The upcoming Riot Games FPS is closer to Counter-Strike than it is to Overwatch, but it borrows elements from both titles.
Riot Games has started to leak information about its upcoming first-person shooter title, Project A, inviting British Counter-Strike caster and former pro, Henry “HenryG” Greer to spend a day playing the game, at Riot’s European headquarters in Dublin. After trying out Project A, HenryG tweeted out a wealth of information about the new game - with the tacit approval of higher-ups at Riot.
The esports scene caught its first whiff of Project A last fall, when Riot Games created a sparse page on its website, featuring limited information and a video about the title. Early reports indicated that the game would fall somewhere between Overwatch and Counter-Strike on the FPS spectrum, with a tactical focus and a roster of characters that boast unique skills similar to those of Overwatch heroes.
HenryG confirmed these reports, stating that the game falls a bit closer to CS:GO than it does to Overwatch. However, the caster—who also playtested CS:GO in 2011—was quick to say that this comparison was “twitter surface level.” Project A is clearly a unique title in its own right.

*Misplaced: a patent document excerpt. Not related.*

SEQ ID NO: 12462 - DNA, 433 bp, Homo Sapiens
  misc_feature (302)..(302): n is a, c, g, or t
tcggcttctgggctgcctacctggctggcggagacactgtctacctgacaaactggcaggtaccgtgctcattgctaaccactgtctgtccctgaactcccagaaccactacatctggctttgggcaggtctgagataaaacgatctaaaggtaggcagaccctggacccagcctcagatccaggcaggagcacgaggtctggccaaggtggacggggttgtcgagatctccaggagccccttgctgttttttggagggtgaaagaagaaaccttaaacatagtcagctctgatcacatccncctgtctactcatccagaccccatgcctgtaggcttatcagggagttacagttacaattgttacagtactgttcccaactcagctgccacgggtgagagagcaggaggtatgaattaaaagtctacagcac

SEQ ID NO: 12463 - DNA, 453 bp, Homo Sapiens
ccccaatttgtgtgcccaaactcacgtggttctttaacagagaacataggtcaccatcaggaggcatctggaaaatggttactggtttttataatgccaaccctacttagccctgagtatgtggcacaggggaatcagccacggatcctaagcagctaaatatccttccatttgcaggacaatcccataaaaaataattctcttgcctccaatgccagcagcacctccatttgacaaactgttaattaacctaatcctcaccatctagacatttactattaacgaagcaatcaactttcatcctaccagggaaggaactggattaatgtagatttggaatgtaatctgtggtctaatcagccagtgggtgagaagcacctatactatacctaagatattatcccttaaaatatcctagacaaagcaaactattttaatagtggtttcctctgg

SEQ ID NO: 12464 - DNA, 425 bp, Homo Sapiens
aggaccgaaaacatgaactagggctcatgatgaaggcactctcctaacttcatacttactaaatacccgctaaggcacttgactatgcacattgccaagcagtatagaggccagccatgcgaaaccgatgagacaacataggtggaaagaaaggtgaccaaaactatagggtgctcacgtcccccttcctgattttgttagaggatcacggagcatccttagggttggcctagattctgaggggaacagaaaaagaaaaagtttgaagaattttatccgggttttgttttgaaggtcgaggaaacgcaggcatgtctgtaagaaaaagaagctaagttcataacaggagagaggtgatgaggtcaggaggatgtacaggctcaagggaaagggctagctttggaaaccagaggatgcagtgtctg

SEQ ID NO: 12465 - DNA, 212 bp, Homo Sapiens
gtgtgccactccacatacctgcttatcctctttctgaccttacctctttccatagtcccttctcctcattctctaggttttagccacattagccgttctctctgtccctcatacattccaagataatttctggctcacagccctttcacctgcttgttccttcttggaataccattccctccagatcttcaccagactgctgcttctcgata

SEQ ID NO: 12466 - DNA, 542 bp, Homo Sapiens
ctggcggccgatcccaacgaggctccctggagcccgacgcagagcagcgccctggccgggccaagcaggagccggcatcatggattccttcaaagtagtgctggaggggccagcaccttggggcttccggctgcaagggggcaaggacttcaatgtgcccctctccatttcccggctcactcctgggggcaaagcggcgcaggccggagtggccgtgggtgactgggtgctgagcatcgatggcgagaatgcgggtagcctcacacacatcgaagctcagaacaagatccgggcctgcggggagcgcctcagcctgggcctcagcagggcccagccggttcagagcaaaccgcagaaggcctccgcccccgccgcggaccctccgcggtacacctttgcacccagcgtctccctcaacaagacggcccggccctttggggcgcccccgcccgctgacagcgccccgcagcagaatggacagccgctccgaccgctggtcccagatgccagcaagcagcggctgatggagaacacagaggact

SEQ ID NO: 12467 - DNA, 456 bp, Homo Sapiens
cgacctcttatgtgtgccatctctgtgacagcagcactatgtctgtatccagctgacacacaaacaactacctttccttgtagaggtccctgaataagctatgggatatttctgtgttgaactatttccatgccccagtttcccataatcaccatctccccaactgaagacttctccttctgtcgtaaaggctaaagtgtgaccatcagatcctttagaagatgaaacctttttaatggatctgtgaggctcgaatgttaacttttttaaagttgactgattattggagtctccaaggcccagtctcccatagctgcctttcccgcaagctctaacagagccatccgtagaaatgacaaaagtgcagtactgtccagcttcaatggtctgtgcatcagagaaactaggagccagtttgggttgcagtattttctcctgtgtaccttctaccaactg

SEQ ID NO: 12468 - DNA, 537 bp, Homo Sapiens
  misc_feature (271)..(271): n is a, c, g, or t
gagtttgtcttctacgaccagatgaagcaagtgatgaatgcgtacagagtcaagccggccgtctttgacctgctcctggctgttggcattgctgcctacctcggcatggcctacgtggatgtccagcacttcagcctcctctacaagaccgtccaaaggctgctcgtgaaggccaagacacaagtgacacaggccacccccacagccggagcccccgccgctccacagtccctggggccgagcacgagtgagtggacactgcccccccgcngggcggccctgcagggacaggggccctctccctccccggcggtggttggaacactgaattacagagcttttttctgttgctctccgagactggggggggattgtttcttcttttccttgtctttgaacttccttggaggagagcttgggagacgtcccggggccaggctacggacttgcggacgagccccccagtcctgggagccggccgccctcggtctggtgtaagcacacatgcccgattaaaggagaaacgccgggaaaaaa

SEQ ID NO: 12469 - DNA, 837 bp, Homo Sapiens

HenryG’s feedback was largely positive, with the former CS pro describing Project A gameplay as “super slick.” “There’s nothing more satisfying [than] dropping a successful combo of movement mechanics abilities that isolates your opponent to buy space before pulling the trigger on the killing blow,” wrote HenryG in another tweet.
Project A appears to have been designed as a ‘Counter-Strike killer,’ with many elements that would be familiar to CS:GO professionals, looking to make the switch to a Riot-supported title. “All classes have access to the same generic weaponry via an economy CS:GO fans wouldn't find too difficult to adjust to,” wrote HenryG.
The impending release of Project A is an additional complication for a Counter-Strike scene that is already in flux. With the announcement of Flashpoint, a new team-owned Counter-Strike league, last week, the scene has been split down the middle between fans of Flashpoint, and loyal devotees of ESL. If Project A is truly geared towards Counter-Strike players, its release could further divide the Counter-Strike community, particularly if Riot is planning to set up a franchised Project A league similar to the League of Legends Championship Series or League of Legends European Championship.
We still don’t have much logistical information about Project A. The game’s release date, price, and esports potential remain shrouded in mystery. But with the game’s official Riot Games website inviting fans to follow Riot on Twitter “to be the first to hear new information in 2020,” it’s fair to say that HenryG’s disclosures are only the beginning. As for the price, it’s quite possible that Riot will take the same tack that it did with League of Legends and release Project A as a free-to-play title.
But whether Project A is freeware or payware, it’s clear that fans of both Counter-Strike and Overwatch have a lot to look forward to with the development of a Riot-powered first-person shooter.
Image via Riot Games